Infants with truncus arteriosus must have surgery. Multiple procedures or surgeries might be necessary, especially as your child grows. Medications might be given before surgery to help improve heart health.
Children and adults with surgically repaired truncus arteriosus must have regular follow-up with their cardiology team.
Medications that might be prescribed before surgery include:
- Diuretics. Often called water pills, diuretics increase the frequency and volume of urination, preventing fluid from collecting in the body, which is a common effect of heart failure.
- Inotropic agents. This type of medication strengthens the heart's contractions.
Most infants with truncus arteriosus have surgery within the first few weeks after birth. The procedure will depend on your baby's condition. Most commonly your baby's surgeon will:
- Close the hole between the two ventricles with a patch
- Separate the upper portion of the pulmonary artery from the single large vessel
- Implant a tube and valve to connect the right ventricle with the upper portion of the pulmonary artery — creating a new, complete pulmonary artery
- Reconstruct the single large vessel and aorta to create a new, complete aorta
After corrective surgery, your child will need lifelong follow-up care with a cardiologist. The cardiologist might recommend that your child limit physical activity, particularly intense competitive sports.
Your child will need to take antibiotics before dental procedures and other surgical procedures to prevent infections.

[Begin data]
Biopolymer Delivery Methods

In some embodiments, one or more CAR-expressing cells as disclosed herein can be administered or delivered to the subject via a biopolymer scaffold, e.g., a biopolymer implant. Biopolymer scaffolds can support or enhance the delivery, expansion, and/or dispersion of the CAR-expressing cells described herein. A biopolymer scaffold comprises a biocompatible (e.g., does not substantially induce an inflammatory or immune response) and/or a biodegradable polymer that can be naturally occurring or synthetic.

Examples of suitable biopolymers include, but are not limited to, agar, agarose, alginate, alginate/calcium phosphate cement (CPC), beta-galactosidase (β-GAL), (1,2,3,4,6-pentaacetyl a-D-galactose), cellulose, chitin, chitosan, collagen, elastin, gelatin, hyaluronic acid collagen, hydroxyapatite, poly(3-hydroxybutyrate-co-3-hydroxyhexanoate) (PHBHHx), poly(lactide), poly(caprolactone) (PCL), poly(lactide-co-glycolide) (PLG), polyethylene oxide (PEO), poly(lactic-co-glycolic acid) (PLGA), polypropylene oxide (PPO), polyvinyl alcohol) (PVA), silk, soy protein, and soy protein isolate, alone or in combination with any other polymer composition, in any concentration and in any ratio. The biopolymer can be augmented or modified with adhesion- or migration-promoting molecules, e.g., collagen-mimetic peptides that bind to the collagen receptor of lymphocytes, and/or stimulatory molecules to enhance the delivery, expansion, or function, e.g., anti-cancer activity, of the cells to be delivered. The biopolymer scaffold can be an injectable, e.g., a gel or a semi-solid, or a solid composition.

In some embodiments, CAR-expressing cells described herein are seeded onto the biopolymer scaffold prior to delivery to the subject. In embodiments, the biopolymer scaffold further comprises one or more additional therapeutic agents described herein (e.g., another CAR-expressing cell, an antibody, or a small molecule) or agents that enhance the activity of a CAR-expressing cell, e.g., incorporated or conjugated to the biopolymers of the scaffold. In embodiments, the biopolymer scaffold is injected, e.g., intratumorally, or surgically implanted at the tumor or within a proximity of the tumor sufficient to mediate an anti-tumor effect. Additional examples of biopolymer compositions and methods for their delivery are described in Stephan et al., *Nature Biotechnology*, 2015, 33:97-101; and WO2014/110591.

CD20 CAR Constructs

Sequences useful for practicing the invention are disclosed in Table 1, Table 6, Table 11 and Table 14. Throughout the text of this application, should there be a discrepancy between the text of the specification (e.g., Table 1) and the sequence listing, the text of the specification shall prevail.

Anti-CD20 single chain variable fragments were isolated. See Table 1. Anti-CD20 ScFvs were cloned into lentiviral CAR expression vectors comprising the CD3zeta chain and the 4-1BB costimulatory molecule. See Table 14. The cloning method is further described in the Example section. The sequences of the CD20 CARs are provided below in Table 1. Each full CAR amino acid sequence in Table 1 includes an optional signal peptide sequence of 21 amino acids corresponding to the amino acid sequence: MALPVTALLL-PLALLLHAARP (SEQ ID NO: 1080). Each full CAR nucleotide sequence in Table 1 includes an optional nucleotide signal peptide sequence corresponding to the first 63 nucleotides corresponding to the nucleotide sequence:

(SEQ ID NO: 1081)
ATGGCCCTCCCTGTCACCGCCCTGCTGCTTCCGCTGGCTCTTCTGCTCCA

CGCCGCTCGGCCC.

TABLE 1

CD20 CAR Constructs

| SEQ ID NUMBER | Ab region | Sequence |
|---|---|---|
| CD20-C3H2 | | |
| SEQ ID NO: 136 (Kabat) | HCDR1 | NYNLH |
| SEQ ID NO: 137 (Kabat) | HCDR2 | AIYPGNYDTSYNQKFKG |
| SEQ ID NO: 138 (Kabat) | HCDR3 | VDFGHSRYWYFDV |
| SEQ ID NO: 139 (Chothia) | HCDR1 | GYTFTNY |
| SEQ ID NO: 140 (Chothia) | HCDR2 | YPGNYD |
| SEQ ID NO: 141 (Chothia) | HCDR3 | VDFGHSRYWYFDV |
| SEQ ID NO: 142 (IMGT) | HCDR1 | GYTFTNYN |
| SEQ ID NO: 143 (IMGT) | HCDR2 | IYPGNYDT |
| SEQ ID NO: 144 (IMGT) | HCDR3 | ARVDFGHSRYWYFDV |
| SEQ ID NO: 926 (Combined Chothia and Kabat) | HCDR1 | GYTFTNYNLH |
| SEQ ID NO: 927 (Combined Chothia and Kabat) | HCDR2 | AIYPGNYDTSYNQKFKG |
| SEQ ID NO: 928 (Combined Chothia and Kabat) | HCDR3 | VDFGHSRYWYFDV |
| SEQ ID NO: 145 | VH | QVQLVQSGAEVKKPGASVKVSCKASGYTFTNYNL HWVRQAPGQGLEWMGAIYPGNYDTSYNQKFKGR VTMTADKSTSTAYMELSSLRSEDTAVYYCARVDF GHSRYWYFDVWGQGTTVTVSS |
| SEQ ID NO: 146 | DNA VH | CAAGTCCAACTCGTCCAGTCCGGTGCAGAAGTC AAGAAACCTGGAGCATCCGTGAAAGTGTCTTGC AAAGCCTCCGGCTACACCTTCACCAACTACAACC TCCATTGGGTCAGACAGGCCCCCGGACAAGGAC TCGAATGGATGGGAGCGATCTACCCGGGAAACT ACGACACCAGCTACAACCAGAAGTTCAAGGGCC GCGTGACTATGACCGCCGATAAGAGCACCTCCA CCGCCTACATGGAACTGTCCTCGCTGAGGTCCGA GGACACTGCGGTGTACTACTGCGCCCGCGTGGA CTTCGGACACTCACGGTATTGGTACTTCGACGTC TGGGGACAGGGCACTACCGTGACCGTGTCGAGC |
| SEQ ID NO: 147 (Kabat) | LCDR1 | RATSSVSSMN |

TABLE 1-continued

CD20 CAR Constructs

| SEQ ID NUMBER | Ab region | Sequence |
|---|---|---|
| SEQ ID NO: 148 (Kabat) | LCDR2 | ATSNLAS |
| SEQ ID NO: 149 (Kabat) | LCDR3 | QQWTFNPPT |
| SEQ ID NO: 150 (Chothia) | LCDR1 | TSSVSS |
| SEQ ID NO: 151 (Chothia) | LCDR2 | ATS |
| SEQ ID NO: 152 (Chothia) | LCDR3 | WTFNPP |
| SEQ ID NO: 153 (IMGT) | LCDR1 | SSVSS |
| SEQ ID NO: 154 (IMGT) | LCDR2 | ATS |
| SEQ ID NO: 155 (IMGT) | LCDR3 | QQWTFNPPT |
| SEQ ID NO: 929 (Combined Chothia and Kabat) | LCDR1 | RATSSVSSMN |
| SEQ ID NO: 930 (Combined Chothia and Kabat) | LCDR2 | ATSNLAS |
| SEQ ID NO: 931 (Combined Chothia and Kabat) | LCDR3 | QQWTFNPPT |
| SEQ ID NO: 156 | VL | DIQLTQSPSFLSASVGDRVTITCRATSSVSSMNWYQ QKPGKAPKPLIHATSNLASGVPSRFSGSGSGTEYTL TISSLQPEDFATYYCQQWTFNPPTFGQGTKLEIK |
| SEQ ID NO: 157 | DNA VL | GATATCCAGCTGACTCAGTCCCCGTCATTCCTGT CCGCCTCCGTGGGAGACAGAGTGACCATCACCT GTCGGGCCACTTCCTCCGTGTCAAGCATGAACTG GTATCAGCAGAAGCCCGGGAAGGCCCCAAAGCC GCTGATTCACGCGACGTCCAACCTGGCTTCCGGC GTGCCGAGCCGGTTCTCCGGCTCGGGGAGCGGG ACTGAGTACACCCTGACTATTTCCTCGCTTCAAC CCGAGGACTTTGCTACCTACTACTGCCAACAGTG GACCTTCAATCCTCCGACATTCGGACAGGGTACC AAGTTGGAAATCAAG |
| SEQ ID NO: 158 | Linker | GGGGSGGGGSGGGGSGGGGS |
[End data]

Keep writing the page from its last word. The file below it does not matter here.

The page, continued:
Because the artificial conduit does not grow with your child, follow-up surgeries to replace the conduit valve are necessary as he or she ages.
Minimally invasive procedures use a cardiac catheter to avoid the need for traditional heart surgery as your child grows or previously placed artificial valves deteriorate. The catheter is inserted into a blood vessel in the leg that is then threaded up to the heart to replace the conduit.
In addition, cardiac catheterization with an inflatable balloon tip can be used to open up an obstructed or narrowed artery, which might delay the need for follow-up surgery.
Women who've had surgery to repair truncus arteriosus in infancy need to be evaluated by a cardiologist with expertise in adult congenital heart defects and an obstetrician specializing in high-risk pregnancies before attempting to become pregnant.
Depending on the level of lung damage that occurred before surgery, pregnancy might or might not be recommended. In addition, some drugs taken for heart problems can be harmful to an unborn baby.